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Vet Action Threatens Scots TB Test Schedules

28 August 2008

SCOTLAND, UK - NFU Scotland is urging those producers due to routinely test their herds for bovine tuberculosis (TB) this autumn to discuss the situation with their private vets now.

The majority of compulsory TB testing of cattle in Scotland is carried by out by private vets working as Local Veterinary Inspectors (LVI) on behalf of Government. However, NFU Scotland is aware that a dispute between members of the British Veterinary Association (BVA) in Scotland and the Government agency Animal Health over the fees associated with LVI work could lead to selective action being taken by BVA Scotland members this autumn.


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"It would be a huge disappointment if that work was undone by a breakdown in the existing testing arrangements"
NFU Scotland Vice-president, Nigel Miller

NFU Scotland Vice-president, Nigel Miller said:

“Cattle producers need to be aware that the dispute between Scottish private vets and Animal Health over the fees associated with carrying out routine work such as TB testing is unresolved. For farmers due to test their herds for TB, our advice is to contact your vet and discuss a date for the visit. Under current rules, if a herd test is not completed on time, then restrictions to animal movements can apply.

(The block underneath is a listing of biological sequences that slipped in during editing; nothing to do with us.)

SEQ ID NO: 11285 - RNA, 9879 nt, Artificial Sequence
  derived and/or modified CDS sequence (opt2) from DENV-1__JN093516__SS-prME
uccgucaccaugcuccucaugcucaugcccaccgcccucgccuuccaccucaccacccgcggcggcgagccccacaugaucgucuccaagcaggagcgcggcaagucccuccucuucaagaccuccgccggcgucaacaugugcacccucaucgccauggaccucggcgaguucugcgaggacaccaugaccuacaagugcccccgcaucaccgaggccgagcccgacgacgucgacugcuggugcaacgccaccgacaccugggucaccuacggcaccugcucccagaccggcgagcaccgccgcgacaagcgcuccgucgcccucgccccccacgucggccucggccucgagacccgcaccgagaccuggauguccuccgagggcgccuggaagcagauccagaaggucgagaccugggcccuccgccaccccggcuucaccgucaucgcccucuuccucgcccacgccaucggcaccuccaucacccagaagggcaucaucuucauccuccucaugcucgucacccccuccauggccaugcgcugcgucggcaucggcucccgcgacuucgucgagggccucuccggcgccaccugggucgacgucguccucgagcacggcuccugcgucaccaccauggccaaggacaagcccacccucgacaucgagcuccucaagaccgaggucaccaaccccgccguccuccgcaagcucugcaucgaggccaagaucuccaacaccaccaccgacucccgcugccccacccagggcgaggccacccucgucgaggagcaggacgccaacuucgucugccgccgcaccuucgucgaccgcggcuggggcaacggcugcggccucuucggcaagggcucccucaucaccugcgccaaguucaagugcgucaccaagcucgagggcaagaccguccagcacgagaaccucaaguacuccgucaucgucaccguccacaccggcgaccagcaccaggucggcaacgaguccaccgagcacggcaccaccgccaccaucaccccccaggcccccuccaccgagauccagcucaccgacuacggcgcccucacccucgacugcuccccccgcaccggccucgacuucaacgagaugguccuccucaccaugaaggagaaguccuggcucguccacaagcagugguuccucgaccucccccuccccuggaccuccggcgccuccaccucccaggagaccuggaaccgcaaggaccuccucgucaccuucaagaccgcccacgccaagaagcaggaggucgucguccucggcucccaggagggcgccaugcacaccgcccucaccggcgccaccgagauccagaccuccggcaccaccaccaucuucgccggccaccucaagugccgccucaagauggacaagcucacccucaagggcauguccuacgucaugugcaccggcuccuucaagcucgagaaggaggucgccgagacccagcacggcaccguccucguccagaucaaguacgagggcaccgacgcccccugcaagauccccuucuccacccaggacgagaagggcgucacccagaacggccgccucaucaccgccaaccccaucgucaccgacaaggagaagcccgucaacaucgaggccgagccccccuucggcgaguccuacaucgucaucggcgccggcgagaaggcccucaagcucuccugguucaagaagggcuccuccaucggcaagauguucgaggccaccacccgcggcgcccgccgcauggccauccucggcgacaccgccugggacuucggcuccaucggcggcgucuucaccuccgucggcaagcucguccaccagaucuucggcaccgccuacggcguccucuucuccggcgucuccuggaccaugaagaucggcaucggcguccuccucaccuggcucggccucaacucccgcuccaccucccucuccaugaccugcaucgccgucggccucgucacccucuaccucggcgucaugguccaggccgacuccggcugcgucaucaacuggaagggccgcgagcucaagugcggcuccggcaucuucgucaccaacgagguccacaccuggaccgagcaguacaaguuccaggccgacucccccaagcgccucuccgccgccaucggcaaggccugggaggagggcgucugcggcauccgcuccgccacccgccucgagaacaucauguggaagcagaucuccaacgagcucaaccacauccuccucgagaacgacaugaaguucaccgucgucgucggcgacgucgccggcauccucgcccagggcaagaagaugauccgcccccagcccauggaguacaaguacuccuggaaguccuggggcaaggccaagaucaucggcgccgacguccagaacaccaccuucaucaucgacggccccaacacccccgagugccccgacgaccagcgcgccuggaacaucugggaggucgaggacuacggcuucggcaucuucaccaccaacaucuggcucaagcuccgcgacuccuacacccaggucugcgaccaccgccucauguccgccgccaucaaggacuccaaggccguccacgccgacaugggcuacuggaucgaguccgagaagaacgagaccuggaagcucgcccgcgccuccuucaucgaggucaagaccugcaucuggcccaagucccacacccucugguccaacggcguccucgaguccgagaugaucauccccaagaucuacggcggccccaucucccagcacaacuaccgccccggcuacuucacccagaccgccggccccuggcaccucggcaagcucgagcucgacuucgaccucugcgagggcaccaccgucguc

“Scotland’s excellent record on farm animal health is dependent on preserving our declining network of large animal veterinary practices. The viability of these practices is underpinned by the LVI work they carry out. It is wholly appropriate that the fees associated with delivering services, such as TB testing, fully reflect the costs that this entails.

“At a time when Scotland has put significant time and effort into preserving and improving its low incidence status for TB it would be a huge disappointment if that work was undone by a breakdown in the existing testing arrangements. Animal Health must address this issue as a matter of urgency.”

Further Reading

- Find out more information on Bovine Tuberculosis by clicking here.

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